Haftaras Haazinu

In years like the present one, when there is a Shabbos between Yom Kippur and Sukkos, parashas Haazinu is read on this Shabbos, and the haftarah is the song David HaMelech composed to praise Hashem for delivering him from his enemies (Shmuel Beis 22, also appearing, with a few slight differences, as Tehillim 18). This song contains allusions to other instances of Hashem’s delivering the Jewish People from some threat. David declares (verse 18): “He saves me from my mighty foe, and from my enemies when they are stronger than me.” The Maggid notes two points about this statement that call for a closer look. First, in the Hebrew, the term used for “He saves me” is yatzileini, which is literally a future tense verb, rather than the present tense verb that we would expect. Second, in the phrase “mighty foe,” the role of the adjective “mighty” bears careful pondering, for relation to Hashem, it is meaningless to speak of a “mighty force” standing in opposition. The Maggid suggests an explanation addressing both points, interpreting David’s statement as running more deeply than it appears on the surface.
The Maggid brings out the idea with a parable. A certain wealthy man had a young son who contracted a minor illness, and he hired a doctor to treat the boy. The treatment was much more protracted and expensive than the father thought would be needed for such a minor illness, so he asked the doctor for an explanation. The doctor replied: “Your son’s initial illness was indeed minor, and it has already passed. But when I examined the boy, I saw that he has a serious latent disease that is destined to break out in his older years. If we wait for the disease to break out, we may have a hard time treating it for two reasons. First, in his older years he will not be as resilient as he is now, and it may be hard for him to undergo the treatment. Second, you might be less well-off then than you are now, and unable to bear the expenses. So I decided to give him some agents that would cause the disease to break out now, so that I could treat it easily, and free him of it for the rest of his life.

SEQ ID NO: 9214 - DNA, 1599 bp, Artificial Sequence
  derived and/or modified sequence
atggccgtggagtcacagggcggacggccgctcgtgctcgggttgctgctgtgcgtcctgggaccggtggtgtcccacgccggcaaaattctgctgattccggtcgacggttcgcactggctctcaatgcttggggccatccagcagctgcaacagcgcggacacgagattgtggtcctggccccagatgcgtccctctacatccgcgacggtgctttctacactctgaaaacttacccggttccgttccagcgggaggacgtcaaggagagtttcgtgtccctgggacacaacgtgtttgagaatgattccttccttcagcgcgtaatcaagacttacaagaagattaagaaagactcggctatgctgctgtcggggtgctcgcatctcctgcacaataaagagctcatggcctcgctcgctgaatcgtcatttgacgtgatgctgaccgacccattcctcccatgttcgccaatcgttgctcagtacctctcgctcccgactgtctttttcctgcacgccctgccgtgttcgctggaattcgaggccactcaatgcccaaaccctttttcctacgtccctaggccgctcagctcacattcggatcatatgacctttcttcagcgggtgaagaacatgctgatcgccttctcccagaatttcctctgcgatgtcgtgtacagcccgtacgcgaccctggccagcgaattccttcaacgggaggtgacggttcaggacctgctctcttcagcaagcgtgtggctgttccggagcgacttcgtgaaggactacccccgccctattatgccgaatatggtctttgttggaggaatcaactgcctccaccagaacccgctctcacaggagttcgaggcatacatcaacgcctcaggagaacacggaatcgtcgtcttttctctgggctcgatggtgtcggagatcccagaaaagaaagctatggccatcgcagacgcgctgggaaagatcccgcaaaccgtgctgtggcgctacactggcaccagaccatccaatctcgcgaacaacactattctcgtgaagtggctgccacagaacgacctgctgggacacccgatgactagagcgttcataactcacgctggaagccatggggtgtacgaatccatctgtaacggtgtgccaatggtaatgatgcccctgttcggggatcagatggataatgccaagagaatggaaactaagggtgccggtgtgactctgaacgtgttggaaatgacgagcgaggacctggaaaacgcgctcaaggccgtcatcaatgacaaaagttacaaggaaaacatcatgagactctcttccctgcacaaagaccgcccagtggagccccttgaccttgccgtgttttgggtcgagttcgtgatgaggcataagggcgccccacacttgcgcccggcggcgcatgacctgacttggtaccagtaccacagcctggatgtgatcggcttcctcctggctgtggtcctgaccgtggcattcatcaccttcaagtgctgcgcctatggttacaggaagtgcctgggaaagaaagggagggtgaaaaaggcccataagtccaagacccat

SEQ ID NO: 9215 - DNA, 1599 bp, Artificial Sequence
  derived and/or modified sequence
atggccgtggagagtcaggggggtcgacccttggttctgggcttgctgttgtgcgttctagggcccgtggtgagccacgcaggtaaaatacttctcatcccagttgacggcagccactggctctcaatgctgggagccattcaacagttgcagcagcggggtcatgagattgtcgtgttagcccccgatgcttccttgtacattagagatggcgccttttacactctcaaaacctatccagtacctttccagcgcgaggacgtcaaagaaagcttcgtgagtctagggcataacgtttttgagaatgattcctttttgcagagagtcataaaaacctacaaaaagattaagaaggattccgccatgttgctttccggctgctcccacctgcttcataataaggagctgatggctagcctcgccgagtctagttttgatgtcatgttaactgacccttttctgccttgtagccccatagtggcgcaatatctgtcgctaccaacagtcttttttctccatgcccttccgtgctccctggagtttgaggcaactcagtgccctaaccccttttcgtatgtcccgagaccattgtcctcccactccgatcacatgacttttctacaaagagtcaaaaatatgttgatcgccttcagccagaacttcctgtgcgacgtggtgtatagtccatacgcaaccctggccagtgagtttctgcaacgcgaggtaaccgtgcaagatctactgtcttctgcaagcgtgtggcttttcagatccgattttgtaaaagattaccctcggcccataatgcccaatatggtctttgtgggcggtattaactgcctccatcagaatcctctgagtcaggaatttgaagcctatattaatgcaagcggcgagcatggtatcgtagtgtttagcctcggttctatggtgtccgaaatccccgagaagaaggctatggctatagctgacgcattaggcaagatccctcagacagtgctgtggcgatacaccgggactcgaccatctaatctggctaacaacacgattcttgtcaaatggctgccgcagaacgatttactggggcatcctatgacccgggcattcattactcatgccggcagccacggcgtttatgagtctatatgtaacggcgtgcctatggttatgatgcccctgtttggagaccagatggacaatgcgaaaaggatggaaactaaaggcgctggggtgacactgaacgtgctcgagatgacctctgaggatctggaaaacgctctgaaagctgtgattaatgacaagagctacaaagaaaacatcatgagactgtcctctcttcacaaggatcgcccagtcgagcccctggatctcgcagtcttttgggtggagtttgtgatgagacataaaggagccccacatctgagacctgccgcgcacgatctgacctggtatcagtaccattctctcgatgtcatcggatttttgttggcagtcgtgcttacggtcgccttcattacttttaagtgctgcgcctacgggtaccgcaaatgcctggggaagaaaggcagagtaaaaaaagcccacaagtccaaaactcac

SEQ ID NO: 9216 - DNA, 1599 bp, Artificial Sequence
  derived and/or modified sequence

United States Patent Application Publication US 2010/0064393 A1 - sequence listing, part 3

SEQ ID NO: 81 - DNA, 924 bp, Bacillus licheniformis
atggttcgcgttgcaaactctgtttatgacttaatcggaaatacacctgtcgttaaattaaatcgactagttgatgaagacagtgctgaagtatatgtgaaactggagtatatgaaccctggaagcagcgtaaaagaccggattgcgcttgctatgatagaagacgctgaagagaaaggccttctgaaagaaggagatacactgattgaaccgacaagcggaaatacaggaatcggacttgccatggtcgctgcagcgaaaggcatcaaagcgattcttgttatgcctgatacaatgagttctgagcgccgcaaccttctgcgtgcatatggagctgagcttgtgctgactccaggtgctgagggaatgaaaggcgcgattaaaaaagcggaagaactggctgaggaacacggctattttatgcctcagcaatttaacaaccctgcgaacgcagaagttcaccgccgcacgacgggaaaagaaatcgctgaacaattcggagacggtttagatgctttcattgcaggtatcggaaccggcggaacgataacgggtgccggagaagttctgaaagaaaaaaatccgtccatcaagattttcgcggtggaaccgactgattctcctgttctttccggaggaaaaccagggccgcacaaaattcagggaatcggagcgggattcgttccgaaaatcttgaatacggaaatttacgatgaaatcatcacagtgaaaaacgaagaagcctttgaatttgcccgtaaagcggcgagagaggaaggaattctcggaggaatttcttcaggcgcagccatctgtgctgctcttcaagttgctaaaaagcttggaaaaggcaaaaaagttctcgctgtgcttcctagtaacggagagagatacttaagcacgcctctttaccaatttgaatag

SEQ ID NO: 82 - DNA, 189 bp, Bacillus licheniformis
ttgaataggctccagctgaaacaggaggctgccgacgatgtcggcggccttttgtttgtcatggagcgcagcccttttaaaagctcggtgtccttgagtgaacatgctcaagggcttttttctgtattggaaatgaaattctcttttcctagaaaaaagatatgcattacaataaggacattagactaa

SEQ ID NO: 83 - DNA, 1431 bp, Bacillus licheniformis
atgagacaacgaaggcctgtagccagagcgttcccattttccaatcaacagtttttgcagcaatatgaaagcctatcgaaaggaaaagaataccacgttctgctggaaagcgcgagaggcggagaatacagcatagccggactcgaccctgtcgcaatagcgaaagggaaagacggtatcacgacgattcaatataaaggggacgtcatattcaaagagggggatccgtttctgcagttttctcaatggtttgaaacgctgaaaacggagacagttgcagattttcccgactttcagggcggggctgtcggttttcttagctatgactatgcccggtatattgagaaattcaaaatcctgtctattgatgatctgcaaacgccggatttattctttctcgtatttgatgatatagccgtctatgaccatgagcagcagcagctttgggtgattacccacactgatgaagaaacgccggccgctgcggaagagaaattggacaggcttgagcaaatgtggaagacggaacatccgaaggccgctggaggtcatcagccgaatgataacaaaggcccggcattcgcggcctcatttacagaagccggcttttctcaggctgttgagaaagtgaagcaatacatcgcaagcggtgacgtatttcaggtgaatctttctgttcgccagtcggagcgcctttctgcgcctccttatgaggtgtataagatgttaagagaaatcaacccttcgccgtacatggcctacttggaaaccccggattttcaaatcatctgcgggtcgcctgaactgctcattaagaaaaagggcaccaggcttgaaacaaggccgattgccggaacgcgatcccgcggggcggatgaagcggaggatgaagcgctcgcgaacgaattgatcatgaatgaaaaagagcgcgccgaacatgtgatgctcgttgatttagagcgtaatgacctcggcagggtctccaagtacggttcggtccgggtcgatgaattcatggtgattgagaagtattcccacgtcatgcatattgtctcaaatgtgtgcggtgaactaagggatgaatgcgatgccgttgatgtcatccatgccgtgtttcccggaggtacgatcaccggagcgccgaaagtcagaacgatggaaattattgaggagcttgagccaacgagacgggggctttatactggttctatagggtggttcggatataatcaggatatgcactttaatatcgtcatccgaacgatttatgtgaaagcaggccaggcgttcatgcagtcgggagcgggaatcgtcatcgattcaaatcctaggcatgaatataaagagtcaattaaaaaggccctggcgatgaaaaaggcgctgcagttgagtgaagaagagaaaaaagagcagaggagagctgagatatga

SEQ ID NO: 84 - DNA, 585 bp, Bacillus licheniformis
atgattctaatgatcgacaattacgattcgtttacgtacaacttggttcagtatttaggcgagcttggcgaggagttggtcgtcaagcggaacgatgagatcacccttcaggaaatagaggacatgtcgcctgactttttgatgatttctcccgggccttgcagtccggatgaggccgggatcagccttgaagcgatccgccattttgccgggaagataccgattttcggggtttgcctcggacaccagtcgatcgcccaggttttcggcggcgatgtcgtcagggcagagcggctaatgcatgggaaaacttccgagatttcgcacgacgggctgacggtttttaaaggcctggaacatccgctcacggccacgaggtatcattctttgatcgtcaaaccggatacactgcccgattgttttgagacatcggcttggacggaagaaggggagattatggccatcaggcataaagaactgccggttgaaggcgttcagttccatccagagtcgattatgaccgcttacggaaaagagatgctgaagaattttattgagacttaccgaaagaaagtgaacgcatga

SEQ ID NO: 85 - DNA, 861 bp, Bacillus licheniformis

The parallel is as follows. Our forefathers were beset with various tribulations. Avraham was cast into a fiery furnace, was subjected to a famine, and was forced to wage war against mighty kings. Yitzchak, as well, suffered serious misfortunes. And Yaakov, the premier figure among the forefathers, had not a moment of rest almost his entire life. It is absurd to think that the forefathers were beset with these misfortunes as punishment for some misdeeds on their part. Rather, Hashem was paving the way for the Jewish People of the future. As our tradition teaches, “the experiences of the forefathers are a legacy for their descendants” (maaseh avos yirshu banim). Hashem foresaw that the Jewish People were destined to go into exile and suffer many calamities. But they would be too spiritually weak to bring forth the miracles needed to rescue them from these calamities. Hashem therefore, in His wisdom, brought upon the forefathers afflictions of the kind that their descendants would later suffer, just as, in the parable, the doctor brought on the latent disease before its time. The forefathers were spiritual giants who were capable of inducing Hashem to bring miraculous salvations. They thereby created a wellspring of salvation (cf. Yeshayah 12:3) that the Jewish People could tap into throughout the generations. Thus we say in the prayer right before the morning Amidah: “The Helper of our forefathers You have been in days of yore, and Shield and Savior unto their children after them in each and every generation.” When we invoke the merit of the forefathers in our prayers, we are asking Hashem to open for us the wellspring of salvation that He prepared for us in our forefathers’ days.
We can now turn to David’s statement: “He saves me from my mighty foe, and from my enemies when they are stronger than me.” David is describing the foe as “mighty” not in relation to Hashem, but in relation to us: We do not deserve being saved from the foe on the basis of our own merits, so the foe has the upper hand over us. David describes the enemies as “stronger than me.” In the Hebrew the phrase is ametzu mimeni, which can be interpreted as “strong on account of me” – our enemies’ strength is due to our lack of merits. The future tense verb yatzileini points toward Hashem’s taking action at a given point in time in order to affect a salvation for us at a later time. The next verse in the song elaborates (verse 19): “They came before me [yekadmuni, which also be read “they preceded me”] on the day designated for me, and Hashem was a support unto me.” Because of the troubles that beset our forefathers, Hashem became a support and savior – not only for them, but also for us afterward. The idea is reflected further in the verse with which the song closes (verse 51): “He is a fortress of salvation unto His king and does kindness for His anointed one, for David and his descendants, forever.”
David Zucker, Site Administrator

Leave a comment

You must be logged in to post a comment.